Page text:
Please note that Mommsen uses the AUC chronology (Ab Urbe Condita), i.e. from the founding of the City of Rome. You can use this reference table to have the B.C. dates
From: The History of Rome, by Theodor Mommsen
Translated with the sanction of the author by William Purdie Dickson
The storms of the Adriatic, the inhospitable character at least of the Illyrian coasts, and the barbarism of the natives are manifestly not in themselves sufficient to explain this fact. But it was a circumstance fraught with the most momentous consequences for Italy, that the elements of civilization which came from the east did not exert their influence on its eastern provinces directly, but reached them only through the medium of those that lay to the west.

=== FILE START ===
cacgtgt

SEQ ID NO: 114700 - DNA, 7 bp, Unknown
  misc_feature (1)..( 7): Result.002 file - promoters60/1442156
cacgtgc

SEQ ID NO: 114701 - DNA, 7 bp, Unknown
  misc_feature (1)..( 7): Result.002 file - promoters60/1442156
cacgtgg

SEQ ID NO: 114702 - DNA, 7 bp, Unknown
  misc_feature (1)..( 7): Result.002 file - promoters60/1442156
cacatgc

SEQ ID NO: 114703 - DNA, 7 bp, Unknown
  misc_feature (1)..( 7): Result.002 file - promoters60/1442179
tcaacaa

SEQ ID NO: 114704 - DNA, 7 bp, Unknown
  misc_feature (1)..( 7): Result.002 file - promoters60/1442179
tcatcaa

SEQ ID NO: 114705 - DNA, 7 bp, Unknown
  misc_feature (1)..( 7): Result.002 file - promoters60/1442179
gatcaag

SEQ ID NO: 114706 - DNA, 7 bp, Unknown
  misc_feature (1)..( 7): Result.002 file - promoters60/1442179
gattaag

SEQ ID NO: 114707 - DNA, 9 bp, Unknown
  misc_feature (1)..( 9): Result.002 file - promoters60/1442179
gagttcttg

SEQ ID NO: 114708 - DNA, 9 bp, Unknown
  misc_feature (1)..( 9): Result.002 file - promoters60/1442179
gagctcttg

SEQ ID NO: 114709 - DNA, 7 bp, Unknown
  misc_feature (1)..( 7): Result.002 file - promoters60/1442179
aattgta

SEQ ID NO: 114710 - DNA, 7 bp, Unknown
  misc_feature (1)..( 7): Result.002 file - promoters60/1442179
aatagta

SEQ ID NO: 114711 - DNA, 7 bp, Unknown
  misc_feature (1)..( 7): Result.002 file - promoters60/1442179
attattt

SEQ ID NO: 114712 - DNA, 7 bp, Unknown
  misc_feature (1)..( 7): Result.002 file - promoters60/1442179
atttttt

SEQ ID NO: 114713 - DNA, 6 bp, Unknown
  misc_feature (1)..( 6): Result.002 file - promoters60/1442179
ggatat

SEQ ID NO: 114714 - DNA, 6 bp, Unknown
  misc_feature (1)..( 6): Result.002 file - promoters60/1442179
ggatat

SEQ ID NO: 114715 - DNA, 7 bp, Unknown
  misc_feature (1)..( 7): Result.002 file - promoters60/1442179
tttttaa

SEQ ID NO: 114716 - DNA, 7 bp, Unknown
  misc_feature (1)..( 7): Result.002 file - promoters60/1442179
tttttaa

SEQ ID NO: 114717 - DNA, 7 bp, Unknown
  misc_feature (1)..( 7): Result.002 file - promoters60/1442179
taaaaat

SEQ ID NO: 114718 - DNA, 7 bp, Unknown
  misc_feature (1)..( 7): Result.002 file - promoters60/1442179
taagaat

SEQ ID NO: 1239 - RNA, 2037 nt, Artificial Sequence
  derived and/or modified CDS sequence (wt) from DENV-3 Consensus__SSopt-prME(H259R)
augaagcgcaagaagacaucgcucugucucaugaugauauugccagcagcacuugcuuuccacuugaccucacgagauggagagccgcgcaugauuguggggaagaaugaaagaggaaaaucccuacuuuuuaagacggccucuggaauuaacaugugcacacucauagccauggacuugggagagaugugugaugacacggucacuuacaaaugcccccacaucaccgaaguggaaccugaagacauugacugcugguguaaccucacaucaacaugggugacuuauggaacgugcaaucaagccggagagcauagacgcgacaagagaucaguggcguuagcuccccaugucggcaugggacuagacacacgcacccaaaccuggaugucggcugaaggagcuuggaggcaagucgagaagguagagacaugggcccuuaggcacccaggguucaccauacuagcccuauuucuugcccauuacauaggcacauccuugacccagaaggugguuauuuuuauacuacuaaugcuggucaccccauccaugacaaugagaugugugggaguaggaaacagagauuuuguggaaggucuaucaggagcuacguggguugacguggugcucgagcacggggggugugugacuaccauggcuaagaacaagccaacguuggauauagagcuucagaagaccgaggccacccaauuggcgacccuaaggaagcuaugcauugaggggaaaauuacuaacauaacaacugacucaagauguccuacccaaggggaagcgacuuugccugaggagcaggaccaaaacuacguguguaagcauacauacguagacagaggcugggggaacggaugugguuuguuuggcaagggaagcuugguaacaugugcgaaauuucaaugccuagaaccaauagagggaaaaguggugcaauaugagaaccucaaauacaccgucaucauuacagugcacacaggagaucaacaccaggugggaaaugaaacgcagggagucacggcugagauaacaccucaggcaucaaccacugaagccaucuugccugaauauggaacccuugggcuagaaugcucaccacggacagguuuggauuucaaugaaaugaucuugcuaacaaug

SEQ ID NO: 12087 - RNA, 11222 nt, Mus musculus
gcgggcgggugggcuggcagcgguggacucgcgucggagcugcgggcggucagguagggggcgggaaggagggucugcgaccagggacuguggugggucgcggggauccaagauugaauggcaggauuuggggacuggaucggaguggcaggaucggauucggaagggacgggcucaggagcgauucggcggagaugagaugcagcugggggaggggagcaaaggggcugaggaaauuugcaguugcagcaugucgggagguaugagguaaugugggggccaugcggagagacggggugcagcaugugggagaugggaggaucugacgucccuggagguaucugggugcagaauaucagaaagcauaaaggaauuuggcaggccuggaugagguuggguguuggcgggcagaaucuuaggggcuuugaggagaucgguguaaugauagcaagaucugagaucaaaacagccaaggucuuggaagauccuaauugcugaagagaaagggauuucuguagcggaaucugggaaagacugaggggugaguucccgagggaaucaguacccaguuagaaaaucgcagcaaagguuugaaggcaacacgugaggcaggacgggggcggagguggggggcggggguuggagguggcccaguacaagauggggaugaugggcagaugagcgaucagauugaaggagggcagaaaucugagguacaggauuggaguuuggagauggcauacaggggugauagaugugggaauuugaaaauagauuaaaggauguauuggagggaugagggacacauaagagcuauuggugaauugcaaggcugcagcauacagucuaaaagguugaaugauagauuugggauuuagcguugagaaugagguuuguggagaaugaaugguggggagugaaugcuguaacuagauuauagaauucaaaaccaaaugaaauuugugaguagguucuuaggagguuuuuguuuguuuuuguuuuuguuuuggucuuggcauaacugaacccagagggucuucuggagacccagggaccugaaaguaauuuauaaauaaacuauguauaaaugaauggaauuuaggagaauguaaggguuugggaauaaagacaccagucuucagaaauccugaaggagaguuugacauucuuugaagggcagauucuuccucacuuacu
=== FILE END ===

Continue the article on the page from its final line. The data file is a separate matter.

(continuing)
The Adriatic commerce carried on by Corinth and Corcyra was shared by the most easterly mercantile city of Magna Graecia, the Doric Tarentum, which by the possession of Hydrus (Otranto) had the command, on the Italian side, of the entrance of the Adriatic. Since, with the exception of the ports at the mouth of the Po, there were in those times no emporia worthy of mention along the whole east coast--the rise of Ancona belongs to a far later period, and later still the rise of Brundisium--it may well be conceived that the mariners of Epidamnus and Apollonia frequently discharged their cargoes at Tarentum.
The Tarentines had also much intercourse with Apulia by land; all the Greek civilization to be met with in the south-east of Italy owed its existence to them. That civilization, however, was during the present period only in its infancy; it was not until a later epoch that the Hellenism of Apulia was developed.
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Reference address : https://www.ellopos.net/elpenor/rome/1-10-greeks-italy-tuscans-carthaginians.asp?pg=20